A new chimeric antigen receptor (CAR) T cell therapy may help curb the problem of frequent relapse in patients with relapsed/refractory B-cell acute lymphoblastic leukemia.
A new type of chimeric antigen receptor (CAR) T cell may be able to overcome resistance in some patients with relapsed/refractory B-cell acute lymphoblastic leukemia (B-ALL).
The findings were published in the Journal of Hematology & Oncology. Corresponding author Ying Wang, PhD, of the Chinese Academy of Medical Sciences and Peking Union Medical College, and colleagues, noted that while 70%-90% of patients with B-ALL who are treated with anti-CD19 CAR T cells achieve complete remission (CR), 40%-50% of patients who respond to the therapy will relapse within a year, and nearly half of those patients will have CD19-positive leukemic cells.
“Recent studies indicate that relapse may be due to mutations in CD19 that destroy the cognate epitope recognized by the anti-CD19 single-chain variable fragment (scFv), such as FMC63 clone, thus rendering the tumor cells invisible to CD19 CAR T cells,” Wang and colleagues noted.
One strategy to get around that problem is to develop CAR T cells with scFvs that can bind to different CD19 epitopes. The team has developed a new type of cell derived from the HI19α clone, dubbing it CNCT19. The hope was that the scFv generated by the HI19α clone would locate different binding epitopes on the CD19 extracellular domain than the ones detected by the FMC63 clone. The results of preclinical model evaluations were positive, prompting Wang and colleagues to conduct the present pilot study to evaluate the safety and efficacy of CNCT19 in both pediatric and adult patients with B-ALL.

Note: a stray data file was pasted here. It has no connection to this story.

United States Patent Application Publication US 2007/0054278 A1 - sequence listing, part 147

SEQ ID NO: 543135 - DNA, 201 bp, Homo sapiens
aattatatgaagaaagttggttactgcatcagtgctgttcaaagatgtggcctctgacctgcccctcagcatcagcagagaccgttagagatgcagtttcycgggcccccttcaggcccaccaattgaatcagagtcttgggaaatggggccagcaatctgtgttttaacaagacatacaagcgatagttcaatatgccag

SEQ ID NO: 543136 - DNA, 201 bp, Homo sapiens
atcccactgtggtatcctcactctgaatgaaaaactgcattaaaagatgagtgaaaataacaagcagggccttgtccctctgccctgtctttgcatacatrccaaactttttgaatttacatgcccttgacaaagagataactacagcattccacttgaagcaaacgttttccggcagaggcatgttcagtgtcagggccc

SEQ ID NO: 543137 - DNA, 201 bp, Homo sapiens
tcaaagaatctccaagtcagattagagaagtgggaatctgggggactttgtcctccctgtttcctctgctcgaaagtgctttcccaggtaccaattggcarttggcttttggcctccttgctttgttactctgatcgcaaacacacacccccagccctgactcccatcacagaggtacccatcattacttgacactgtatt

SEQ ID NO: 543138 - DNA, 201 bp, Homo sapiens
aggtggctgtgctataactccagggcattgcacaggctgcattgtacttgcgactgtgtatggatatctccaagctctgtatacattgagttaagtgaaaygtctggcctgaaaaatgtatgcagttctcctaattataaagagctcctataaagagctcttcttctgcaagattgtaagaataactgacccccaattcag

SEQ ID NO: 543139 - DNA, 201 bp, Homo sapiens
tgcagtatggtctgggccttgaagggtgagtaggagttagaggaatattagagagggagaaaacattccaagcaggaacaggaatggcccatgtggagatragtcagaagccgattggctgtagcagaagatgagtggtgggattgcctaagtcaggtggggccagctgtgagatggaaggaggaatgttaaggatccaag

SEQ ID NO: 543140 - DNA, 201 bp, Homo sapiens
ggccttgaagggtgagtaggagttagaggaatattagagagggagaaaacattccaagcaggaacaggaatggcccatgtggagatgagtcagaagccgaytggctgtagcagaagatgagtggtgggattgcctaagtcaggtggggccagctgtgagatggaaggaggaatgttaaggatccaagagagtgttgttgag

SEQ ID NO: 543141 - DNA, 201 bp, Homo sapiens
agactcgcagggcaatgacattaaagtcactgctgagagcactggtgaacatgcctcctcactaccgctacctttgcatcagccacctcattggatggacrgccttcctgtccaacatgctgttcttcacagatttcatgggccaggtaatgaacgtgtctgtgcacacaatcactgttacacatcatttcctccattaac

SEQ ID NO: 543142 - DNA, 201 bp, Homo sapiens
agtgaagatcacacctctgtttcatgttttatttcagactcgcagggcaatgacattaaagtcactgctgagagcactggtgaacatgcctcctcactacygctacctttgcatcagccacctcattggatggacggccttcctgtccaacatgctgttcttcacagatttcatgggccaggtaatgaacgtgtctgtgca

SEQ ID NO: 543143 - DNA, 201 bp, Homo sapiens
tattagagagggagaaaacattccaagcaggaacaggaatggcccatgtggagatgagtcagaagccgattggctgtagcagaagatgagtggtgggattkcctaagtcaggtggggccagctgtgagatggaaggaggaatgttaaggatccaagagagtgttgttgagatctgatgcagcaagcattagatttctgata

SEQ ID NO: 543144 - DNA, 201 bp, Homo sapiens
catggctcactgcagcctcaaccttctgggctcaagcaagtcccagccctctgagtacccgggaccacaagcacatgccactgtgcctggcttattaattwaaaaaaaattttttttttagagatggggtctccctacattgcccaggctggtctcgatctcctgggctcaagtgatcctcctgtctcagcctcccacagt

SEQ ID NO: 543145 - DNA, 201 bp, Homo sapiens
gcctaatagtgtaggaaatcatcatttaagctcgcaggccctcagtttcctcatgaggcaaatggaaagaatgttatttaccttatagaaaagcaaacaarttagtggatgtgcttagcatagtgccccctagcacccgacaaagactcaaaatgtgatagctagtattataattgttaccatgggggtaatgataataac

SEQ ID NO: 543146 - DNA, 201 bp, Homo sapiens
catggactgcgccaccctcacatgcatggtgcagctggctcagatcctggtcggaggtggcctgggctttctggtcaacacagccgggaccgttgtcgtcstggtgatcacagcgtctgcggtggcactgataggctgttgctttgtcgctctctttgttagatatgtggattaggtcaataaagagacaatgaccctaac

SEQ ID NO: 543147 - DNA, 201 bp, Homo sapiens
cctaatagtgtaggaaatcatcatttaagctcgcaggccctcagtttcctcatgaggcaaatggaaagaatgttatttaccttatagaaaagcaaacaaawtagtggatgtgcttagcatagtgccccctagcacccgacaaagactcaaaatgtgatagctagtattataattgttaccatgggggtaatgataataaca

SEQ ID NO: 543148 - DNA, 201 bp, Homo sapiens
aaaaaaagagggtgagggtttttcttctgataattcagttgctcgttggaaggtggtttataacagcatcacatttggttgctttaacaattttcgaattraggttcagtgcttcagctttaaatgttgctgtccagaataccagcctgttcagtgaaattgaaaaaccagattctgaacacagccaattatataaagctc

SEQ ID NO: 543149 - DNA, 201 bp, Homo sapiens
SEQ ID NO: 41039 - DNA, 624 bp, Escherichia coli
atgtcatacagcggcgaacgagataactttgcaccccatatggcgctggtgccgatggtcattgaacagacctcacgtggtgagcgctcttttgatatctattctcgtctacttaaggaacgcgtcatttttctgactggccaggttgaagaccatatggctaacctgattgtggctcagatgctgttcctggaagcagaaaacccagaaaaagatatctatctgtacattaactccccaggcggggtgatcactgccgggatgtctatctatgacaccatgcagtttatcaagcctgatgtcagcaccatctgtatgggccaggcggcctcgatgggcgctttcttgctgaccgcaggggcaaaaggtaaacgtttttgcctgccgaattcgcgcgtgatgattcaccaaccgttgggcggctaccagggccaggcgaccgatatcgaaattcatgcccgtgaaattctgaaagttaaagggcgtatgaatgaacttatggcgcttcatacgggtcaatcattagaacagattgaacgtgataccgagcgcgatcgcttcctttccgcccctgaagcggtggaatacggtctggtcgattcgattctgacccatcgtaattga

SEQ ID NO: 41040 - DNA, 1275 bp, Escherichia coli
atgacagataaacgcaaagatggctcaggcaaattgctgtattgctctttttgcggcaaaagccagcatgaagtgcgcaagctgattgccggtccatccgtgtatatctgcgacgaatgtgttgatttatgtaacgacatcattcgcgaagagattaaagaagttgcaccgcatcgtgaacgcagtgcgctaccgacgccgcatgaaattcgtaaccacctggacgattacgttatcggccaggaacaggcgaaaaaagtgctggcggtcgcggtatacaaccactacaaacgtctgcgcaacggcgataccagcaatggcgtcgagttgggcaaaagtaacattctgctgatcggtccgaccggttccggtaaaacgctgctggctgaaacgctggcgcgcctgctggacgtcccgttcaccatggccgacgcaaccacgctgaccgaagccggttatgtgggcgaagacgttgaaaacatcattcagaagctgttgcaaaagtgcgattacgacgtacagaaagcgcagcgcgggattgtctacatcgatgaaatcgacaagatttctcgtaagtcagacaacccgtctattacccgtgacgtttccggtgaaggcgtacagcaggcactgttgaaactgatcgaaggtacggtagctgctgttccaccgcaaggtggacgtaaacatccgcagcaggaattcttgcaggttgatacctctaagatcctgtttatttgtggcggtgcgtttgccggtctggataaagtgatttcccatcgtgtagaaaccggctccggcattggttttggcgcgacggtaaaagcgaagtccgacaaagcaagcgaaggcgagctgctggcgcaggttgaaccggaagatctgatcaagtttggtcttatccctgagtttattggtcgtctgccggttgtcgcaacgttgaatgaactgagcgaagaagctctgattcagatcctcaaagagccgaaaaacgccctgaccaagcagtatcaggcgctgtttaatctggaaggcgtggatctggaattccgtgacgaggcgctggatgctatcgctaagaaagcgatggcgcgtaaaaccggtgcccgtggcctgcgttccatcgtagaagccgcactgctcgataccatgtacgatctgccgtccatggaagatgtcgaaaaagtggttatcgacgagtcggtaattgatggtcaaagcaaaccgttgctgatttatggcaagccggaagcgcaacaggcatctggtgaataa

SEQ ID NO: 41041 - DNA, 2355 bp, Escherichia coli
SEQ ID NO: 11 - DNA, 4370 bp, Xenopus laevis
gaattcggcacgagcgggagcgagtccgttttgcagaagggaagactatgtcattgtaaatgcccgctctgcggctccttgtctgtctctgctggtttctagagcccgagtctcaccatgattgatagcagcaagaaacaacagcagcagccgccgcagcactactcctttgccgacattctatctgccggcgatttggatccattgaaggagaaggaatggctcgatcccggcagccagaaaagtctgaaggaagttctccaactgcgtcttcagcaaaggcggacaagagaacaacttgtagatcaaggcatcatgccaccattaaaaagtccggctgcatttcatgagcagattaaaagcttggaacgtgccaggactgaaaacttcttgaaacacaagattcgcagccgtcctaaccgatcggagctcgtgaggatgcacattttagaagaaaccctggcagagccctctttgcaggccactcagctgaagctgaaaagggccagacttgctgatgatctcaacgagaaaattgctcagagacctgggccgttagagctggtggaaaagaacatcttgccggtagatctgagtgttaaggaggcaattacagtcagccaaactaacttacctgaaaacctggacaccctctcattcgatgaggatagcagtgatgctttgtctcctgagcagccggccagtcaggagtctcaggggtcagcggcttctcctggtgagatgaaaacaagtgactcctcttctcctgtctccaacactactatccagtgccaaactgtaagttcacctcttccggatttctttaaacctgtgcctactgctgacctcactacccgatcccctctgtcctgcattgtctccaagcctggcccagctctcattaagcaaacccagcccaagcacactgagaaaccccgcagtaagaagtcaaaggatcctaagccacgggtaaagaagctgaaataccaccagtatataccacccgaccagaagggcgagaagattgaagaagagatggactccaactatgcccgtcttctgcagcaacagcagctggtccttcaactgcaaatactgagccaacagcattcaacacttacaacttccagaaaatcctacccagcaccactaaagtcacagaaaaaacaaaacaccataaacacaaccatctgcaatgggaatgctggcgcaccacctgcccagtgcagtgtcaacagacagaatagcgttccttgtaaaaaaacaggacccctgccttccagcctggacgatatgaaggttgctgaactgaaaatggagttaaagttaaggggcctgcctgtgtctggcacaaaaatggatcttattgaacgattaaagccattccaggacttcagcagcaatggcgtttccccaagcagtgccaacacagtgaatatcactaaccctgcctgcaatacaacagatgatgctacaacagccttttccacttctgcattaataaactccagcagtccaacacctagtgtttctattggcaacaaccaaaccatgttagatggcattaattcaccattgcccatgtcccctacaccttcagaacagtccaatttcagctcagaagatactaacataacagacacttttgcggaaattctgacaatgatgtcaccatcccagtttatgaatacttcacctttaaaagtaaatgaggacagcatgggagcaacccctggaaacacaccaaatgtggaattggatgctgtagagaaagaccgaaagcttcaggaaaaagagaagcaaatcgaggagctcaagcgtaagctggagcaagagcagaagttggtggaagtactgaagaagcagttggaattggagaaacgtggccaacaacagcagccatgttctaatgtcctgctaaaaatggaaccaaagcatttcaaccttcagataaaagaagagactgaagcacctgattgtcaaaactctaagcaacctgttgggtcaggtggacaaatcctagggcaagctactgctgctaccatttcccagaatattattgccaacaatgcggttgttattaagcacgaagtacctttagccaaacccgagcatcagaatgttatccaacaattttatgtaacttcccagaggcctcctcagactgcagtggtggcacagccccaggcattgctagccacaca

They enrolled 20 patients in the study, giving them infusions of CNCT19 cells. Of those, 90% of patients achieved CR or complete remission with incomplete count recovery (CRi) within 28 days. Two relapsed patients saw their extramedullary leukemia disease disappear completely after the infusion.
At a median follow-up of 10.09 months, the median overall survival for the patients was 12.9 months, and the relapse-free survival was 6.93 months.
“Differences with respect to immune profiles associated with a long-term response following CAR T cell therapy were also addressed,” the authors wrote. “Our results revealed that a relatively low percentage of CD8+ naïve T cells was an independent factor associated with a shorter period of relapse-free survival.”
The authors said their results suggest that CD19 CAR T cells derived from the HI19α clone can promote high anti-leukemic efficacy and may help curb the poor prognosis faced by patients with R/R B-ALL.
However, Wang and colleagues also sounded a note of caution, pointing out that a high percentage of their patients, 14 of 20, subsequently underwent hematopoietic stem cell transplantation, which they said may play a significant role in maintaining the long-term response to treatment.
“As such, the duration of the response associated specifically with CNCT19-based T cell therapy requires further investigation,” they said.
And while their new cells may help counteract the shortcomings of anti-CD19 CAR T cells, the investigators said the new cell does not overcome one other problem with CAR T cell therapy—the high rate of toxicities. In their study 45% of patients experienced high-grade cytokine release syndrome (CRS), a rate similar to other studies. Severe CRS seemed to correlate with a high tumor burden, so the authors said the results underscore the importance of decreasing tumor burden prior to CAR T cell infusion.
Still, the authors concluded that their new therapy appears to be highly effective against malignant cells in patients with R/R B-ALL, and may have also identified a notable biomarker.
“Our results also suggest the percentage of circulating CD8+ TN cells may be developed as a biomarker to predict the long-term prognosis of patients undergoing CAR T cell therapy,” they said.
Gu R, Liu F, Zou D, et al. Efficacy and safety of CD19 CAR T constructed with a new anti-CD19 chimeric antigen receptor in relapsed or refractory acute lymphoblastic leukemia. J Hematol Oncol. Published online September 7, 2020. doi:10.1186/s13045-020-00953-8